So the traditional and the wedgie approach are simply different ways to skin a cat. With a dubby-like sled, as long as the protractor scale is correct (mine has been at the exact same location for years), you can instantly switch to any number of segments, including odd numbers, and make a perfect ring with no gaps between the identical segments. With the wedgie solution, you simply need to have an accurate wedge for each number of segments and a sled with two perfectly parallel fences and you can create rings without gaps from segments that have two different angles. You simply have to make sure that the segment orientation follows all the rules.

    Tomato, tomahtoe.
  7. martyn

    martyn PRO Member

    Yes that what i meant, i also have a dubby sled too, i use it to joint feature rings that need jointing presicesly so they line up right. For plain rings i use the wedgie jig. When using the dubby sled the tiniest error is multiplied by the number of segment can cause gaps
  8. Fishernuts

    Fishernuts New Member

    I think both the Wedgie and Lloyds sled are pure genius, I can see both in my future. I just didn't clean my shop to make room for a shelf full of single purpose jigs for a single angle. I must have got lucky,I cut a sample ring last night looked good. Did my measurements and made another size ring and looks great, I went 'doh the calc said Radius no wonder the ring is huge. :eek: So I backtracked it and got the measurement process in my head straight. Cut one right on the money.Got the good wood almost cut and now a "member of the segmented trick shot off the ceiling." One more cut and only lost one piece off the blade,bounced to he ceiling and knocked another off the table before disappearing in a cloud of sawdust on the floor.

    I'm already a member of "the thrown drill chuck", I never drill on the lathe without holding the chuck by hand now, almost broke a new bit, still have a small scratch on the cabinets when it took a tour of the shop. I sound like a goof and unsafe fellow, so far from the truth it's funny. I'm the safest guy I know, learning sometimes has a curve.

    I'll get my rings cut and glued up tonight, need to turn and finish them on Sat.

    I have been eyeing both the wedgies, seg-easy plates and the stomper. Santa is coming and I need to talk to him about this in more detail. Might have to get him and Mrs.Claus a bowl or two to get them motivated in my progress.

    Happy Friday.
  9. martyn

    martyn PRO Member

    sounds like your a addict like the rest of us, expensive hobby this lathe malarky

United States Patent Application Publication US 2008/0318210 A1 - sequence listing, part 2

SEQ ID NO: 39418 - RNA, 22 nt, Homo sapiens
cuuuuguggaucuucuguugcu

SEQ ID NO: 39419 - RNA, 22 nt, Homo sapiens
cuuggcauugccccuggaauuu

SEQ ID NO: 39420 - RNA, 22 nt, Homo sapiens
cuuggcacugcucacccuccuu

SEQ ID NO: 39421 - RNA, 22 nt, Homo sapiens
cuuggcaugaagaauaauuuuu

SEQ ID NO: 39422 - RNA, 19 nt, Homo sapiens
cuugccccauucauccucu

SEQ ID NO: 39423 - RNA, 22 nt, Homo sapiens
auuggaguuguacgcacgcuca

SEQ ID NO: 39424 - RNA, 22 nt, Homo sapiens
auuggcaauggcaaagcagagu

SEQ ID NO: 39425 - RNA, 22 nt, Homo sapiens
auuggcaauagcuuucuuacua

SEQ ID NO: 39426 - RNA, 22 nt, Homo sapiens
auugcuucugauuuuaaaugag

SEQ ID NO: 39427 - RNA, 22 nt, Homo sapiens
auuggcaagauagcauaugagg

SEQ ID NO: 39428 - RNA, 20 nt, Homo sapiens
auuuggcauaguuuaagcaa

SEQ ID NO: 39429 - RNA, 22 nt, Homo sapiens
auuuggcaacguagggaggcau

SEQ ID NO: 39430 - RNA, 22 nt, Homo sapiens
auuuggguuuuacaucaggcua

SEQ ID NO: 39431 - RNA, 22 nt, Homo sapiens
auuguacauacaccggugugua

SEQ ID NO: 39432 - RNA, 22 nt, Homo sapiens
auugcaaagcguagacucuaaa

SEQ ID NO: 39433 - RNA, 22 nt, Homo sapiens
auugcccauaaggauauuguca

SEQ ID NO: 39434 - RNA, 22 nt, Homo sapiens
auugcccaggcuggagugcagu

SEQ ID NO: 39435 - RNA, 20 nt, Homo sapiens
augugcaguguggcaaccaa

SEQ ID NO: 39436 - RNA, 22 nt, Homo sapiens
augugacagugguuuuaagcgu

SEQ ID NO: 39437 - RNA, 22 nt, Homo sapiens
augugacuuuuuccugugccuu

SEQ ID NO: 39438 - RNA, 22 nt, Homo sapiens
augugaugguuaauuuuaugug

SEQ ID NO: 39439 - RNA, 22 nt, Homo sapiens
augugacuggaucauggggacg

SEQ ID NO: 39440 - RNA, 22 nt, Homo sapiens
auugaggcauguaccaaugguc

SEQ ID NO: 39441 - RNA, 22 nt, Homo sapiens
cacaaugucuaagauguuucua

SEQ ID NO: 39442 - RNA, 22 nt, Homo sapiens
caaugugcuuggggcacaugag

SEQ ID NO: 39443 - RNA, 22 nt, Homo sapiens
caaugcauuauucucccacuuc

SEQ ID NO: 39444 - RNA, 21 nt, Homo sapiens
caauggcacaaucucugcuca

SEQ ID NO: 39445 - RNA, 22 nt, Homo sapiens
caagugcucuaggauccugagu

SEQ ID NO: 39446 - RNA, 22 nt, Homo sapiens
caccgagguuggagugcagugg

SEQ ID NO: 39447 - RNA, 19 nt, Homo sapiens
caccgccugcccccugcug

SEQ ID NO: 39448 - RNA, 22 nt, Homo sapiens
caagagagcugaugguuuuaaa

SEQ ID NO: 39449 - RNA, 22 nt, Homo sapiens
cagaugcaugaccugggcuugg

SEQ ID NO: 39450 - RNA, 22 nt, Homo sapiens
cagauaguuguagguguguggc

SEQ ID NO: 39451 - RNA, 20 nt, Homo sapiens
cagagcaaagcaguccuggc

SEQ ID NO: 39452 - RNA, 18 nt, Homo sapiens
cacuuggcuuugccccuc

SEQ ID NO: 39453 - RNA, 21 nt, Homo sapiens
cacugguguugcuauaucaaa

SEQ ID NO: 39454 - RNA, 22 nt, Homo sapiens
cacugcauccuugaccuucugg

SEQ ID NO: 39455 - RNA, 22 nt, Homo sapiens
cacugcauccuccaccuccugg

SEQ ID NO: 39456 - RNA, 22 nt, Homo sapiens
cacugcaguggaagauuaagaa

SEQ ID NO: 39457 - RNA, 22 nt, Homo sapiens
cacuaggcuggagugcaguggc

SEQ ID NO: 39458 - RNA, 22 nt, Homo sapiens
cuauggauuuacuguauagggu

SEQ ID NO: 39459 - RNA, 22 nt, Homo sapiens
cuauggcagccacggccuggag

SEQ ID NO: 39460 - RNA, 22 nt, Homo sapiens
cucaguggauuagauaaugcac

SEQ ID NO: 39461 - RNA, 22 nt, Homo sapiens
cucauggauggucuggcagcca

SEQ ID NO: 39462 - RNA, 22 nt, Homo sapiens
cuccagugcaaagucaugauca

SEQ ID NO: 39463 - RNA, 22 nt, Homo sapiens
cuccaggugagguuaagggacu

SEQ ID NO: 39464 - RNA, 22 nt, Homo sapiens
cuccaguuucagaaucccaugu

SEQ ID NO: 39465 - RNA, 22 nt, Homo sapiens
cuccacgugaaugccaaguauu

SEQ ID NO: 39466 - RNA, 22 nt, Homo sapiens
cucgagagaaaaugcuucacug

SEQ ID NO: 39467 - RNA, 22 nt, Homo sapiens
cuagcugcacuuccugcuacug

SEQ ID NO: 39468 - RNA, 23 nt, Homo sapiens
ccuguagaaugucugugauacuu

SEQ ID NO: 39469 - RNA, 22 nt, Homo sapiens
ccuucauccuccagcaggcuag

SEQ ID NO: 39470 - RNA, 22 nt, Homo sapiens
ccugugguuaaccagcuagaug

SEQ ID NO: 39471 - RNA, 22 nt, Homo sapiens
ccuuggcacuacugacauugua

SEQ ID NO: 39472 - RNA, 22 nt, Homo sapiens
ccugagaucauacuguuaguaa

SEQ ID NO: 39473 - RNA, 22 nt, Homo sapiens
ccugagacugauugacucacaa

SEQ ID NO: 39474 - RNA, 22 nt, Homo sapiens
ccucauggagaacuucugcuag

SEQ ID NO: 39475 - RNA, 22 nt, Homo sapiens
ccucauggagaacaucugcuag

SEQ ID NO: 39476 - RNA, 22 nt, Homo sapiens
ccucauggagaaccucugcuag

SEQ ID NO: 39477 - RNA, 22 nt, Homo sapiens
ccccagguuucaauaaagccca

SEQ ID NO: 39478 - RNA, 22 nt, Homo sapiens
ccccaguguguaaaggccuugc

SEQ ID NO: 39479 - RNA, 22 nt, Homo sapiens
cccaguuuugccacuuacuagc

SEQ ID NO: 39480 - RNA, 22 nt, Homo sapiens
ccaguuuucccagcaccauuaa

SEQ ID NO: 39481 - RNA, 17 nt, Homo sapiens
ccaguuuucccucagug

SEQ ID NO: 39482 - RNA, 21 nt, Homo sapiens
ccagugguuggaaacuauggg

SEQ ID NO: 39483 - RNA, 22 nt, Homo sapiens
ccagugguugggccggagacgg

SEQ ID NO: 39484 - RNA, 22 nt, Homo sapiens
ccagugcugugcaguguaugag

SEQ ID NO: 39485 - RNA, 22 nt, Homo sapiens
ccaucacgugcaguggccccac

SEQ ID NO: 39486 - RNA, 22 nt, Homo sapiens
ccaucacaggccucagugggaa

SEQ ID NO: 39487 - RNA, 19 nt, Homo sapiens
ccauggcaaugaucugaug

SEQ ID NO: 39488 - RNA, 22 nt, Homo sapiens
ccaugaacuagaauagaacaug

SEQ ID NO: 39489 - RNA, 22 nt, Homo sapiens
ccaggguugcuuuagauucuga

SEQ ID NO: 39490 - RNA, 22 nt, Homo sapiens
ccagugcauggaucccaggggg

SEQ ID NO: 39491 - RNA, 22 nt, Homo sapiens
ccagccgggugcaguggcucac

litletre likes this.
  10. Lloyd Johnson

    Lloyd Johnson Administrator Staff Member

    John, nothing is more important to me than safet so I'll just add this to the discussion. If you have a segment that goes flying it sounds like you might be trapping the segment between the fence and the blade or a stop and the blade. At the time the segment is cut, it should be in free space with the only possible movement coming from slight contact with the blade that can push it towards you until it clears the blade. If there is any possibility of movement more than that, you need to change the technique. A flying segment should never be possible.
  11. Fishernuts

    Fishernuts New Member

    Segment travel was due to a build up of excessive cutoff segments piling up and user neglecting to stop saw an remove them, it was a just one more moment Mom and then I'll do it. So I know the magic number was 8 for this size before it took a oneway flight. I need to increase the angle of my cutoff wedge and setup a push block to knock them off the back of the saw and into a bucket or landing pad; or I've seen the vac usage to grab them off the table.
  12. Lloyd Johnson

    Lloyd Johnson Administrator Staff Member

    Grest. I suspected something like that, but I'd feel terrible if I didn't mention it and someone got hurt. Have fun and I'm anxious to see your finished project.
  13. Hersch

    Hersch PRO Member

    I used the wedgie sled for my open segment vase. As long as you set one of the arms at the exact degree angle and just flip it over, I don’t see any problem.
  14. Gary Beasley

    Gary Beasley PRO Member

    Ive done one open segment form and used my wedgie sled to cut the segs. I did have to make a custom wedgie to get the right angle and looking on the wedgie site I see they have wedges for open segment as well. I did find I could get the best consistancy by marking the centerline of the arm swings on the sled and a centerline on the wedge and lined them up when setting the angle so both sides would be as close as possible. The nice thing about open segment is you dont need the dead on accuracy of the angle to make it work.
  15. Bob Beaupre

    Bob Beaupre Administrator Staff Member

    I do all my open segment now using my wedgie sled. I make my own wedgies with the open segment space the way I want it. I pretty much have what I want in open segment starting at 24 going up to 144
  16. Art Bodwell

    Art Bodwell PRO Member

    Agree with Bob. I do both open and closed segments on the wedgie sled. I also stack cut so I'm cutting 2-5 segments at a time depending on how thick the segments are. Similar to what Tom Lohman was doing on the miter saw in his early videos.